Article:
As biodynamics is labour-intensive, it supports local farmers who have the sensitivity and skills to regenerate the land, capture carbon, and produce nutrient-dense food at the same time. This level of consciousness and true cost mean that produce comes with a greater price.

We have to acknowledge biodynamically grown food from the perspective of nutrition per pound and having a net positive biodynamic impact. Biodynamic food needs to be made more affordable by increasing the scale and number of farms. On the other hand, people need to start prioritizing how much they spend on their food once again. Ideally, by connecting with their local farmers and community-supported agricultures, or growing some of their own food.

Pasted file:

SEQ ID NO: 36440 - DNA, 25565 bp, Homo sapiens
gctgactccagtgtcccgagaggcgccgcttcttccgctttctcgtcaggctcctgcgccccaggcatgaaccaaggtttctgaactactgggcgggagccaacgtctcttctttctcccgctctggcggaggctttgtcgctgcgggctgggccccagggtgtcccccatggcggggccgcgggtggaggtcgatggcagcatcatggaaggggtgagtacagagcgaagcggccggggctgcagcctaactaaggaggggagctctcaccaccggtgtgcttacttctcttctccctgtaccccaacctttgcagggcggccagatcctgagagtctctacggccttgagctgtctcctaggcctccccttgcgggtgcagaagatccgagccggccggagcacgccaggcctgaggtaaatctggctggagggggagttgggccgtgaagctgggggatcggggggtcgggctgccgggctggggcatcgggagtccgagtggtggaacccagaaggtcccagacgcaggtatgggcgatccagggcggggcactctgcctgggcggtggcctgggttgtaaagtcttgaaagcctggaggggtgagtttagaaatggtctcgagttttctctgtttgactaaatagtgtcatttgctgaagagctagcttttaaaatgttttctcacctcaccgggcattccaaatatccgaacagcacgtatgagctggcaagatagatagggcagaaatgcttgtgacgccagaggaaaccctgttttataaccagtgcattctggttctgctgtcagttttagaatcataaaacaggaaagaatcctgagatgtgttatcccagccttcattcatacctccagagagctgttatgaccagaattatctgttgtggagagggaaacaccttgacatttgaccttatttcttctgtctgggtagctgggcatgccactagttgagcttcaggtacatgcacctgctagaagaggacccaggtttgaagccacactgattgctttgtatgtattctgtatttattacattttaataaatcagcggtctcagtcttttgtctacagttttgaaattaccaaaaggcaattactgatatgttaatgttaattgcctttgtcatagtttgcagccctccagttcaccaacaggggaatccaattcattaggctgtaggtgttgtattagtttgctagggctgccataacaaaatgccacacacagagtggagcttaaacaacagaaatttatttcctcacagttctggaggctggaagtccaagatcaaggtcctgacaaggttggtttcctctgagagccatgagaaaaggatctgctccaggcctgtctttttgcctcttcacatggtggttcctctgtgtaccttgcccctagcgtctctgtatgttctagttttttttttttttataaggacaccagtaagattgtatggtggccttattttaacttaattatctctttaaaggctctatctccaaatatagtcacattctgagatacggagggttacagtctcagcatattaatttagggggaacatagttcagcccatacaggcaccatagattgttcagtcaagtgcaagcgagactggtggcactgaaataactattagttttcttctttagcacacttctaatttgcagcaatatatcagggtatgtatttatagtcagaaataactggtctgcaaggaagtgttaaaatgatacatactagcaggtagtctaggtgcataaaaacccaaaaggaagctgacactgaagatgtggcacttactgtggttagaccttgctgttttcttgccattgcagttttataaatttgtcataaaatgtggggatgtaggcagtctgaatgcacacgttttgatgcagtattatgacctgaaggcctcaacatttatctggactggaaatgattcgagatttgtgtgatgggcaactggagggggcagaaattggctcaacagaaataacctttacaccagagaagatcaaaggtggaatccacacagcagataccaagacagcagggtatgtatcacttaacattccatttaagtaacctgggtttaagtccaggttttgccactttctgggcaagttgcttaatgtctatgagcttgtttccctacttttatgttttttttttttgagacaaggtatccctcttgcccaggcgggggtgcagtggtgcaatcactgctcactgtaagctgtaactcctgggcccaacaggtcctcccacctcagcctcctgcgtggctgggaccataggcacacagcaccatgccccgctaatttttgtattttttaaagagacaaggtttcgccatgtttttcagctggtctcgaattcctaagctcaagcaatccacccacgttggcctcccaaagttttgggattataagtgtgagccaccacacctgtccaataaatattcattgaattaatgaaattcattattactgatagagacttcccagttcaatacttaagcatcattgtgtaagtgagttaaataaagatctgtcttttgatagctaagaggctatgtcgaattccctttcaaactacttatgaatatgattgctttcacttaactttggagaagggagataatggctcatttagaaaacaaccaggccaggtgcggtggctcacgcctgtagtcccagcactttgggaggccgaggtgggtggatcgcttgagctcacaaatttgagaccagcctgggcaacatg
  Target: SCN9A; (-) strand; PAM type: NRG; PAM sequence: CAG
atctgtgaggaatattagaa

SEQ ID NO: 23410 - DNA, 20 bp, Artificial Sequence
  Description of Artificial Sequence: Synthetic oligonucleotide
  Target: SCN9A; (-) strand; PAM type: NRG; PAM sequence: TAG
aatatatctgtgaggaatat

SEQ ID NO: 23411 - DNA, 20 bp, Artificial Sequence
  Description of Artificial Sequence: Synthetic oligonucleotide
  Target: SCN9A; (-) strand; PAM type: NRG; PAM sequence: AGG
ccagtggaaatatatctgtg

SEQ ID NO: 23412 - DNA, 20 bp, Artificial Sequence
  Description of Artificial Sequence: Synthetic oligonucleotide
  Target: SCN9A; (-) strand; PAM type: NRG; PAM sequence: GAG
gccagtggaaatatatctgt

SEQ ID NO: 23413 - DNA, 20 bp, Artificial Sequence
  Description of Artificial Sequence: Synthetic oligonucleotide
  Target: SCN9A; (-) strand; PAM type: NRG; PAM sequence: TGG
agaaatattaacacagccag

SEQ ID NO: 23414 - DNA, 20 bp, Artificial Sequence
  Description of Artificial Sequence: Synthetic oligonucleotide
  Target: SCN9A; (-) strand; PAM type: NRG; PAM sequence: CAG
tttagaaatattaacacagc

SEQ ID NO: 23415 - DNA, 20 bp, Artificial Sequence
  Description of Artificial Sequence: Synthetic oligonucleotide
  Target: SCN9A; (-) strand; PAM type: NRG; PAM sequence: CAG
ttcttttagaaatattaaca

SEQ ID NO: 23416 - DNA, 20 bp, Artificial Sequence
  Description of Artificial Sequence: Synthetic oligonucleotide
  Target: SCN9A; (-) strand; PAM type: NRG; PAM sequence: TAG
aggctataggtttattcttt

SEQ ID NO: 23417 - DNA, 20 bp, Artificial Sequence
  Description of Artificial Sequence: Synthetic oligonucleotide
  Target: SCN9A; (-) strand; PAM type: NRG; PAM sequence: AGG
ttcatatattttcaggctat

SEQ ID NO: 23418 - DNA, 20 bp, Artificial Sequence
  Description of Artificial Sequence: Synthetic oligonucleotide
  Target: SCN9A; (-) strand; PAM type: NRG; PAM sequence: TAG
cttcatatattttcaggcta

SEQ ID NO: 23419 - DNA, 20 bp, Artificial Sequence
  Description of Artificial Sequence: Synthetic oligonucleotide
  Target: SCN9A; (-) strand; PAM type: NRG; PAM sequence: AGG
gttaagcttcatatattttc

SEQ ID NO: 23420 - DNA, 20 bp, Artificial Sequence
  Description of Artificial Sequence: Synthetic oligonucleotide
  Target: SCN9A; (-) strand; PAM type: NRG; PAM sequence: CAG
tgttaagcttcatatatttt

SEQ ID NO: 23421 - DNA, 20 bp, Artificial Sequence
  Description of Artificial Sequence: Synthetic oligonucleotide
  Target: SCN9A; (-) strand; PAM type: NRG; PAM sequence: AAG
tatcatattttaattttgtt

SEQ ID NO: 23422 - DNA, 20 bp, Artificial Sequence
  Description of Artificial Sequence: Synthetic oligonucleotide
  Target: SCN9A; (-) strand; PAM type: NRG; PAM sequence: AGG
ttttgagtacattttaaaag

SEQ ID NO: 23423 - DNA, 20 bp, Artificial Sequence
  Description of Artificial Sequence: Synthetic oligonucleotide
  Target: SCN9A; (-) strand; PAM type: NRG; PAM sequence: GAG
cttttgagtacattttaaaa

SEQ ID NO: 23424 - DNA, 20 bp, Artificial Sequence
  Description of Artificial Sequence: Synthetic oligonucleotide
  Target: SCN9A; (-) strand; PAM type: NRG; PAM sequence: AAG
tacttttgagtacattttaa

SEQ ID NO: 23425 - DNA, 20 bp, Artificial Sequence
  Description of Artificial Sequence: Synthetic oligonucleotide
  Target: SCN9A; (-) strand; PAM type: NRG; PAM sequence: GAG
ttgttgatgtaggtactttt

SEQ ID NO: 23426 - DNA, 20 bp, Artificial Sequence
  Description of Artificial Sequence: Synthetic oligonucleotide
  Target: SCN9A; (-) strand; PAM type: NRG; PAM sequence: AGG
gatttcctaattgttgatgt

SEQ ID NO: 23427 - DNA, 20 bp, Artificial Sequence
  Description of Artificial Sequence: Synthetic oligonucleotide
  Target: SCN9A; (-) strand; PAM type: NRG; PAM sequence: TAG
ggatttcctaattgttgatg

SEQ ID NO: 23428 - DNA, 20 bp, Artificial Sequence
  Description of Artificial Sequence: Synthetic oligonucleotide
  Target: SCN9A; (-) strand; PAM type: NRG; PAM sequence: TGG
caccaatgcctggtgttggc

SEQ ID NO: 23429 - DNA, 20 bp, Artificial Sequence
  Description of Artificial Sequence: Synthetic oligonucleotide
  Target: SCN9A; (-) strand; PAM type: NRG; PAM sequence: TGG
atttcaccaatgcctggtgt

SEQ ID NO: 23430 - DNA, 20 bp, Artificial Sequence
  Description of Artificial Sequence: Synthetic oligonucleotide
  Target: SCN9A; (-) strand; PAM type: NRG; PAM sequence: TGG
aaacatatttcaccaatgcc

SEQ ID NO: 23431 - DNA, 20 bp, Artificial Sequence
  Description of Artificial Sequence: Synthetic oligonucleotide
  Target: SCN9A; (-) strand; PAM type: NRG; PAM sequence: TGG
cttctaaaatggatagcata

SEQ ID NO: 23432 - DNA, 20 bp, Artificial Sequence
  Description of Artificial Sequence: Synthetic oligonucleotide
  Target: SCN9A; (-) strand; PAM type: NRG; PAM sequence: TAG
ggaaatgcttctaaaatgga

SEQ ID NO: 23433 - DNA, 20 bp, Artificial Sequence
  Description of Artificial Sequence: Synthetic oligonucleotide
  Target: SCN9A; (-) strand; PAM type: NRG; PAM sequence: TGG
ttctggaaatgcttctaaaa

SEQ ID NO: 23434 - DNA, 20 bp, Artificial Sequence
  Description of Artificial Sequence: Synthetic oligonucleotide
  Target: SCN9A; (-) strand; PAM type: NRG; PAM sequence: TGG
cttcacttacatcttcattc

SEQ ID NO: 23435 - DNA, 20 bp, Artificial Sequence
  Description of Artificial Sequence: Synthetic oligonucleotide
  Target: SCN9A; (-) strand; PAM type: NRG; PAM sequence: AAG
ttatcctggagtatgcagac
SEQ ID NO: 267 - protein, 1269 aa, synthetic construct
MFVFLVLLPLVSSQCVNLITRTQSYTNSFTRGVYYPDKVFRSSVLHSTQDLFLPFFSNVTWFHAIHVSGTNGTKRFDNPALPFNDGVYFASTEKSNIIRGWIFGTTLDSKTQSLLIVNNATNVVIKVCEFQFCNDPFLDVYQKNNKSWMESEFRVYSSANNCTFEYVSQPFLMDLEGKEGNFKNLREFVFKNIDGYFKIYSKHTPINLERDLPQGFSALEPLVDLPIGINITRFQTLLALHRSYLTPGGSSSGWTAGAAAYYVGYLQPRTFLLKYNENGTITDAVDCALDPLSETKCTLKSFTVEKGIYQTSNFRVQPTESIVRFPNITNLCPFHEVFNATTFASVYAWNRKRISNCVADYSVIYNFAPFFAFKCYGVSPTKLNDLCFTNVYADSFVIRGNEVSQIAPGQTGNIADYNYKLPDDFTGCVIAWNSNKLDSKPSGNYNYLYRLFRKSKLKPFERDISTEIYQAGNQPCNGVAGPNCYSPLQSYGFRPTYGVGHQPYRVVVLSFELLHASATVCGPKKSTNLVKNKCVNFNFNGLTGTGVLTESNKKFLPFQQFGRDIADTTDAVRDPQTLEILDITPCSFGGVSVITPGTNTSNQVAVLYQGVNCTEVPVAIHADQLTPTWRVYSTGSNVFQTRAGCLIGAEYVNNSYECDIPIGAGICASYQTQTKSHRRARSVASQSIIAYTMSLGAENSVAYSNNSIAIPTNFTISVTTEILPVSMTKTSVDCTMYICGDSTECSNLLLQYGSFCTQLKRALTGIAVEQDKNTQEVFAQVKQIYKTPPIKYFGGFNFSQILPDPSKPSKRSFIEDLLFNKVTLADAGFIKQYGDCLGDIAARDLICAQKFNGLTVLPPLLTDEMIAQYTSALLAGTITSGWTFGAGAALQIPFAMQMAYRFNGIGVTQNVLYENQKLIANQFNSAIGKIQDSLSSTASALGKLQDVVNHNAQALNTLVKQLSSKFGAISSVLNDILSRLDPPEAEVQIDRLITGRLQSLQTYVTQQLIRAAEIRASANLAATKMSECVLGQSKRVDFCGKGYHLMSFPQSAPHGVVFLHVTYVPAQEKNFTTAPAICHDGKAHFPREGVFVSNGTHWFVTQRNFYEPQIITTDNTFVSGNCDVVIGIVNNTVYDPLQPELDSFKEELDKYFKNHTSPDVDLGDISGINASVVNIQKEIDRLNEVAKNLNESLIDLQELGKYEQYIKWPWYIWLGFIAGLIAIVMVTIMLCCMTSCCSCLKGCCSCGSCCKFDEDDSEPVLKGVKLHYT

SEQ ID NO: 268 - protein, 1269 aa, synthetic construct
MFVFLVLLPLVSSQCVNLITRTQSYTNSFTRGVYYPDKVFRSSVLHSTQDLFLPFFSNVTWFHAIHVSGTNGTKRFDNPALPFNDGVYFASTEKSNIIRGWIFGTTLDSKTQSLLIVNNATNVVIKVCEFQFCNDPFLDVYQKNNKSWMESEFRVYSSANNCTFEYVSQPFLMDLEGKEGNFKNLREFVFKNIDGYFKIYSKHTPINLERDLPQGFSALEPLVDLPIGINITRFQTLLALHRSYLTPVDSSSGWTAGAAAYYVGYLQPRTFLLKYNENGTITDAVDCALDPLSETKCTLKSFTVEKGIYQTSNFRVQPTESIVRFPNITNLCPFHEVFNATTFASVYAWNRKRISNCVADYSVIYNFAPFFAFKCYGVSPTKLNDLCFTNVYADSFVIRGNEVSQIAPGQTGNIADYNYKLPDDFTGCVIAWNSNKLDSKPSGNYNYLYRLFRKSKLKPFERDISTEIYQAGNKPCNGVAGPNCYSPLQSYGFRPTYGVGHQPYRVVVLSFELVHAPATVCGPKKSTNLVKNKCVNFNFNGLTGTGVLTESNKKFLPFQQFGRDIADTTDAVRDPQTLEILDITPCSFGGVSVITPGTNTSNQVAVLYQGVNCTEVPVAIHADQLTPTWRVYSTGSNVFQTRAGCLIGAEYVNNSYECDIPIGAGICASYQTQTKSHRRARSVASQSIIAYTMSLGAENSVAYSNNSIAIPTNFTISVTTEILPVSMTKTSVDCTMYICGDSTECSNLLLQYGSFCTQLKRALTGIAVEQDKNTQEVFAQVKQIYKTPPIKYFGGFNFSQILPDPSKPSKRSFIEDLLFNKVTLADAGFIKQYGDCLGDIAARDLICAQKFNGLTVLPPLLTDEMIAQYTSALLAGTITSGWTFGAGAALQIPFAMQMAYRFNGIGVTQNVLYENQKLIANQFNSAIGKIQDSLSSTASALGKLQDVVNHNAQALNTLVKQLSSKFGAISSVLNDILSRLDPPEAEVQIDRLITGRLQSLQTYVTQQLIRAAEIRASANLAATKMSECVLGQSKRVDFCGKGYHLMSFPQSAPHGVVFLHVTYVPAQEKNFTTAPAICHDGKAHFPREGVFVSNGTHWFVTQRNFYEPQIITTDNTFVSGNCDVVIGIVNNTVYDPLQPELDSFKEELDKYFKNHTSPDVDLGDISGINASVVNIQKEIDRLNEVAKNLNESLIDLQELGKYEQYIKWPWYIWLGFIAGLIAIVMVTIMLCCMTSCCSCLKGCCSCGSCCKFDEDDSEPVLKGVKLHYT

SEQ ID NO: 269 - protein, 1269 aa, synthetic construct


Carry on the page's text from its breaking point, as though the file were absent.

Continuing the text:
In the UK, biodynamic farms are often complemented by a social or educational element. The farm becomes a therapeutic classroom to teach practical skills and help people find meaning and connection. I am a special needs teacher working on the land, and the compatibility of biodynamics and education is evident.

Following the conference, I feel a greater need to understand the effect of biodynamics from a biological perspective and hope to delve deeper into this world. As well as the ideas of a three-fold social order, which came up a lot during the conference and feels complementary or perhaps necessary for a thriving biodynamic community.

As a gardener, I found it challenging to stay seated for lectures and workshops when I would usually be building compost piles and moving around the garden. Luckily, the conference was followed by a trip to Bern and Rome where I was able to walk a lot to digest my thoughts and feelings from the conference. (I’m writing this from the plane as I conclude my trip.)